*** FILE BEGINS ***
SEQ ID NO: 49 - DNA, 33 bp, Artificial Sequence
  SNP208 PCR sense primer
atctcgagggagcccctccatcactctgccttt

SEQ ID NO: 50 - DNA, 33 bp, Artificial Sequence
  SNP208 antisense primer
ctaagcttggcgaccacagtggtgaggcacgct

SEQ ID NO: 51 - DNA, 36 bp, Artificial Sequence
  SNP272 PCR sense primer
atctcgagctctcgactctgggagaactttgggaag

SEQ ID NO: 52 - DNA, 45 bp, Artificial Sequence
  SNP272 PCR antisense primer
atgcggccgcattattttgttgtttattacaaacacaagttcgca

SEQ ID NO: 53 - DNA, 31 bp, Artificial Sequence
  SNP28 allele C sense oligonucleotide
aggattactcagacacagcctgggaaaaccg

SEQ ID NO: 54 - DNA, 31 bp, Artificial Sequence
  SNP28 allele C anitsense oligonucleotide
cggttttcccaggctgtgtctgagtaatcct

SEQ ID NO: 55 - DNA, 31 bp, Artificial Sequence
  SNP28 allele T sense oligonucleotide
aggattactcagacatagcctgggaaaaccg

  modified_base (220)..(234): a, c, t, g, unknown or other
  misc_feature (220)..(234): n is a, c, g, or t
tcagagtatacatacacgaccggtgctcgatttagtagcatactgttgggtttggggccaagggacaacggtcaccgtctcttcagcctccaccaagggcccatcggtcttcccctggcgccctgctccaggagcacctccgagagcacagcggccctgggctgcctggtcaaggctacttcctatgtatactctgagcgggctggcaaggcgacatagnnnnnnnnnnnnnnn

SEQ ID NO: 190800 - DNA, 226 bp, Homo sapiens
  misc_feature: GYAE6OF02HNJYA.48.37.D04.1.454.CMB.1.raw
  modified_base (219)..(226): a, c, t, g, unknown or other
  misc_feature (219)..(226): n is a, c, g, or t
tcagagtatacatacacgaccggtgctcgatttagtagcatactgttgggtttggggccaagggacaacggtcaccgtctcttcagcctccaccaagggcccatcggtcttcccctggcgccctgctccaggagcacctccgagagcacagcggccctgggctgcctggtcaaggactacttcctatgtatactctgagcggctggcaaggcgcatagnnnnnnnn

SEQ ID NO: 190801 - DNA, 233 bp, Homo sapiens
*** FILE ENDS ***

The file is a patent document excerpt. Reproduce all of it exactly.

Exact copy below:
SEQ ID NO: 49 - DNA, 33 bp, Artificial Sequence
  SNP208 PCR sense primer
atctcgagggagcccctccatcactctgccttt

SEQ ID NO: 50 - DNA, 33 bp, Artificial Sequence
  SNP208 antisense primer
ctaagcttggcgaccacagtggtgaggcacgct

SEQ ID NO: 51 - DNA, 36 bp, Artificial Sequence
  SNP272 PCR sense primer
atctcgagctctcgactctgggagaactttgggaag

SEQ ID NO: 52 - DNA, 45 bp, Artificial Sequence
  SNP272 PCR antisense primer
atgcggccgcattattttgttgtttattacaaacacaagttcgca

SEQ ID NO: 53 - DNA, 31 bp, Artificial Sequence
  SNP28 allele C sense oligonucleotide
aggattactcagacacagcctgggaaaaccg

SEQ ID NO: 54 - DNA, 31 bp, Artificial Sequence
  SNP28 allele C anitsense oligonucleotide
cggttttcccaggctgtgtctgagtaatcct

SEQ ID NO: 55 - DNA, 31 bp, Artificial Sequence
  SNP28 allele T sense oligonucleotide
aggattactcagacatagcctgggaaaaccg

  modified_base (220)..(234): a, c, t, g, unknown or other
  misc_feature (220)..(234): n is a, c, g, or t
tcagagtatacatacacgaccggtgctcgatttagtagcatactgttgggtttggggccaagggacaacggtcaccgtctcttcagcctccaccaagggcccatcggtcttcccctggcgccctgctccaggagcacctccgagagcacagcggccctgggctgcctggtcaaggctacttcctatgtatactctgagcgggctggcaaggcgacatagnnnnnnnnnnnnnnn

SEQ ID NO: 190800 - DNA, 226 bp, Homo sapiens
  misc_feature: GYAE6OF02HNJYA.48.37.D04.1.454.CMB.1.raw
  modified_base (219)..(226): a, c, t, g, unknown or other
  misc_feature (219)..(226): n is a, c, g, or t
tcagagtatacatacacgaccggtgctcgatttagtagcatactgttgggtttggggccaagggacaacggtcaccgtctcttcagcctccaccaagggcccatcggtcttcccctggcgccctgctccaggagcacctccgagagcacagcggccctgggctgcctggtcaaggactacttcctatgtatactctgagcggctggcaaggcgcatagnnnnnnnn

SEQ ID NO: 190801 - DNA, 233 bp, Homo sapiens